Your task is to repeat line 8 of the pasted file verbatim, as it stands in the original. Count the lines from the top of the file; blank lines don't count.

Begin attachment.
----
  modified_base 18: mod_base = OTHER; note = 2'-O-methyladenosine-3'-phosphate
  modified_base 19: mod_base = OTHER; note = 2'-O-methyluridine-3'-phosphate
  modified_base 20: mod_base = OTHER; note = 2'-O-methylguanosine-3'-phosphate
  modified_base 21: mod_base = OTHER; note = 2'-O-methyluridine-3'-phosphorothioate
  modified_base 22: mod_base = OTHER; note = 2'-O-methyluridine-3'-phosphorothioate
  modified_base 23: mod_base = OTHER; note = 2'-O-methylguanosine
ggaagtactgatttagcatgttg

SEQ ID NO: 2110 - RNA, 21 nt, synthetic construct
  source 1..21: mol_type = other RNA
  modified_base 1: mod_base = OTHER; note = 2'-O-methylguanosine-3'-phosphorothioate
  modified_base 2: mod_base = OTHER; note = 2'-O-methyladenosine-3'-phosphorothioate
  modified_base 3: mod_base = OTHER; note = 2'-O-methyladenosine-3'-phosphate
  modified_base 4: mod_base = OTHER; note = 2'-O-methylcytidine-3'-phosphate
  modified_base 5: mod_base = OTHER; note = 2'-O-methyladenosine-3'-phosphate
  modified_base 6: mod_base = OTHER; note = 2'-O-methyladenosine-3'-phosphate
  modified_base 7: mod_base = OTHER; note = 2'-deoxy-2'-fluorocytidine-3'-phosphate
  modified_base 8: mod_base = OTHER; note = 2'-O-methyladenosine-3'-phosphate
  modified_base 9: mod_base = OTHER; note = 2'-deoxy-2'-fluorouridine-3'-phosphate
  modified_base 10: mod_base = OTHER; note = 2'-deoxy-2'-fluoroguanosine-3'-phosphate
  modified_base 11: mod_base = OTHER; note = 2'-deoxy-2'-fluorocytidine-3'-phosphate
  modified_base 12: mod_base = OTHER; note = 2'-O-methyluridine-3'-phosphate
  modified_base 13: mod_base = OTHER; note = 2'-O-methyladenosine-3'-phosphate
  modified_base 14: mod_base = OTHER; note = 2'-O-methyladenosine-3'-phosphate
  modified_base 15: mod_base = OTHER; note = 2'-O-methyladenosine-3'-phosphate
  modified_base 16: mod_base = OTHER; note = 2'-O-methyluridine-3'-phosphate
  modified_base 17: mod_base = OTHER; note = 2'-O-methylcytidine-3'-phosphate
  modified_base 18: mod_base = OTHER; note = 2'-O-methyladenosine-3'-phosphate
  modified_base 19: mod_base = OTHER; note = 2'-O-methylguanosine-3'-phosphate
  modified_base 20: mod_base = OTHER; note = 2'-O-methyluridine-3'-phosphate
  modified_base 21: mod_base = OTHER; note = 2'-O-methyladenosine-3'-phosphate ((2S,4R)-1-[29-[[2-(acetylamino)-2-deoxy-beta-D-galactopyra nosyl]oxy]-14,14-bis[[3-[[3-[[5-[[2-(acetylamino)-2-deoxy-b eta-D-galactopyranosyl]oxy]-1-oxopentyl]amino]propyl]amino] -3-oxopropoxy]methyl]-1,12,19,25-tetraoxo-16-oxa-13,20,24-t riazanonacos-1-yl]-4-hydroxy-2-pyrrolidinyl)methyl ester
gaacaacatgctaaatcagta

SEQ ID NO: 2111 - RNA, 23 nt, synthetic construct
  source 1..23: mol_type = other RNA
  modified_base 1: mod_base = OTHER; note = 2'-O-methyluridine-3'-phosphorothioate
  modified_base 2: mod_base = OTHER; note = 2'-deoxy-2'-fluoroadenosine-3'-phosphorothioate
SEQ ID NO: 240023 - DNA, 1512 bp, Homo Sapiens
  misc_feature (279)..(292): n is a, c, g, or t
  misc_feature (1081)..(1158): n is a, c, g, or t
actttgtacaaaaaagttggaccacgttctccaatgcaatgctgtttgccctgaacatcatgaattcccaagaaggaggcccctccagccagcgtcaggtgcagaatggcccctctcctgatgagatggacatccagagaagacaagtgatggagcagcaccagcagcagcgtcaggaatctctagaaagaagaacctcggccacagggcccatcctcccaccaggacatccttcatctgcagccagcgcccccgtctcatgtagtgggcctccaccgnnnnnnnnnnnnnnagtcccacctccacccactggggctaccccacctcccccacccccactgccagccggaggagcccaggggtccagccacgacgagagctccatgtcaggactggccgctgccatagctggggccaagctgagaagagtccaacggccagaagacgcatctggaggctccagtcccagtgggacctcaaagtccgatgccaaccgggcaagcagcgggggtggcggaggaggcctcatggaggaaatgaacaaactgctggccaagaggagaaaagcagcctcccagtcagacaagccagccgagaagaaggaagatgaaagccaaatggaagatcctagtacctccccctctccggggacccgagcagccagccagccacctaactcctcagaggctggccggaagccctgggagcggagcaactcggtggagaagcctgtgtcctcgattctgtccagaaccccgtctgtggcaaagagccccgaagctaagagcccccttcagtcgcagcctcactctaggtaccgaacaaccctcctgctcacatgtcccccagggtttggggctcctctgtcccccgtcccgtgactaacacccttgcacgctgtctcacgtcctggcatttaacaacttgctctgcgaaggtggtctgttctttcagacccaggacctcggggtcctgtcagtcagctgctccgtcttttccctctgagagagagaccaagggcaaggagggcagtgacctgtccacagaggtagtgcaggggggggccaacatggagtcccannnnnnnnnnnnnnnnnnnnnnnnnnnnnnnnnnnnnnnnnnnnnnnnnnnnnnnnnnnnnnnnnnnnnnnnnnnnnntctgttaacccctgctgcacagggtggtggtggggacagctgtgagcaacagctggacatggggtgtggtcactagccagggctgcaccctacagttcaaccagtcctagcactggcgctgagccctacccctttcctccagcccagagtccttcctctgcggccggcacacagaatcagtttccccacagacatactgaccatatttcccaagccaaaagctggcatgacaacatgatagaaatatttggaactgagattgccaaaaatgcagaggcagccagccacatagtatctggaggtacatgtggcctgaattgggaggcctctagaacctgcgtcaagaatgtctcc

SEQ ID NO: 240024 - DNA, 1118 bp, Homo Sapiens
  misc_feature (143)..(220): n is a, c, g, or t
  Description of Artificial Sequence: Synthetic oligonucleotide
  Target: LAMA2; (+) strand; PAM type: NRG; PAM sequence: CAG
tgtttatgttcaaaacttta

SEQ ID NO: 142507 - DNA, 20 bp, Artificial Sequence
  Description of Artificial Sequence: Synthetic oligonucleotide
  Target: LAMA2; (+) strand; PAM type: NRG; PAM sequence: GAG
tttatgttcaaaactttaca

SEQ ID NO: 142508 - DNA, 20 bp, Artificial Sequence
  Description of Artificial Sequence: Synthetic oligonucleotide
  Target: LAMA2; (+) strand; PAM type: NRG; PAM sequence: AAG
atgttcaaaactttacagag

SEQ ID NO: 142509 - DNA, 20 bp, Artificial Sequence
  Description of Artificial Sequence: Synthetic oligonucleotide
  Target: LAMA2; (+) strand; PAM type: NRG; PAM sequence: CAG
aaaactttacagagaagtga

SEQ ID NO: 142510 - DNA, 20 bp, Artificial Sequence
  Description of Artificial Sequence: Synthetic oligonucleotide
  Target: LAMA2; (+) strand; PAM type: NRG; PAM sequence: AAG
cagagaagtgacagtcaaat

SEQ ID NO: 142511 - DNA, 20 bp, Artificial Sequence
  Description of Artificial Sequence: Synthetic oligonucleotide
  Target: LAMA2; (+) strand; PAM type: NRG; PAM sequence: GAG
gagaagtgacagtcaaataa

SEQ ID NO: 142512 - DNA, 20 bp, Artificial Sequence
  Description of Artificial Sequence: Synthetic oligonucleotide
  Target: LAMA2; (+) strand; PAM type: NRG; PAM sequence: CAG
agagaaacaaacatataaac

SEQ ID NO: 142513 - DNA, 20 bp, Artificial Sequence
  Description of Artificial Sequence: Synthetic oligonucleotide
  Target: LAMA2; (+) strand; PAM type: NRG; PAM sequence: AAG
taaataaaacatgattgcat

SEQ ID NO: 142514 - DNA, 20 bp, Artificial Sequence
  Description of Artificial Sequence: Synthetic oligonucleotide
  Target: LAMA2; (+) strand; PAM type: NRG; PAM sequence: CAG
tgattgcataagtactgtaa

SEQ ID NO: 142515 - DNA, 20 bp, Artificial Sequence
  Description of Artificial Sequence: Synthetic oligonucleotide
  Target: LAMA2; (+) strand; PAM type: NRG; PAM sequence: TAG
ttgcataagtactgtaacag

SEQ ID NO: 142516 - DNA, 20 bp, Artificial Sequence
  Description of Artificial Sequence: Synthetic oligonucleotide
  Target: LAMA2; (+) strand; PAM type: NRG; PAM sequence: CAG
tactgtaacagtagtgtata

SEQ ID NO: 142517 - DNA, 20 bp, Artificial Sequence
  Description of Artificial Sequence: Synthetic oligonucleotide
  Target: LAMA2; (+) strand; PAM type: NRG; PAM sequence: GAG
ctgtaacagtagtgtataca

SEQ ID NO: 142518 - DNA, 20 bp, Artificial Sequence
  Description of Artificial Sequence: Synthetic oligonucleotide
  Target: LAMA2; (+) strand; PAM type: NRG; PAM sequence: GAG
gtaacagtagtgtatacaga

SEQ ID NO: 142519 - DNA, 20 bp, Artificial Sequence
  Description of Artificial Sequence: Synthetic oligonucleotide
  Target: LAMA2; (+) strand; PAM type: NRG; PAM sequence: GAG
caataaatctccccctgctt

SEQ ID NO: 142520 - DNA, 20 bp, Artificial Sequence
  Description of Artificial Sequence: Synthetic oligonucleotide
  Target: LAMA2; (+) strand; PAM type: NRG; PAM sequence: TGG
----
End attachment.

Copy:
SEQ ID NO: 2110 - RNA, 21 nt, synthetic construct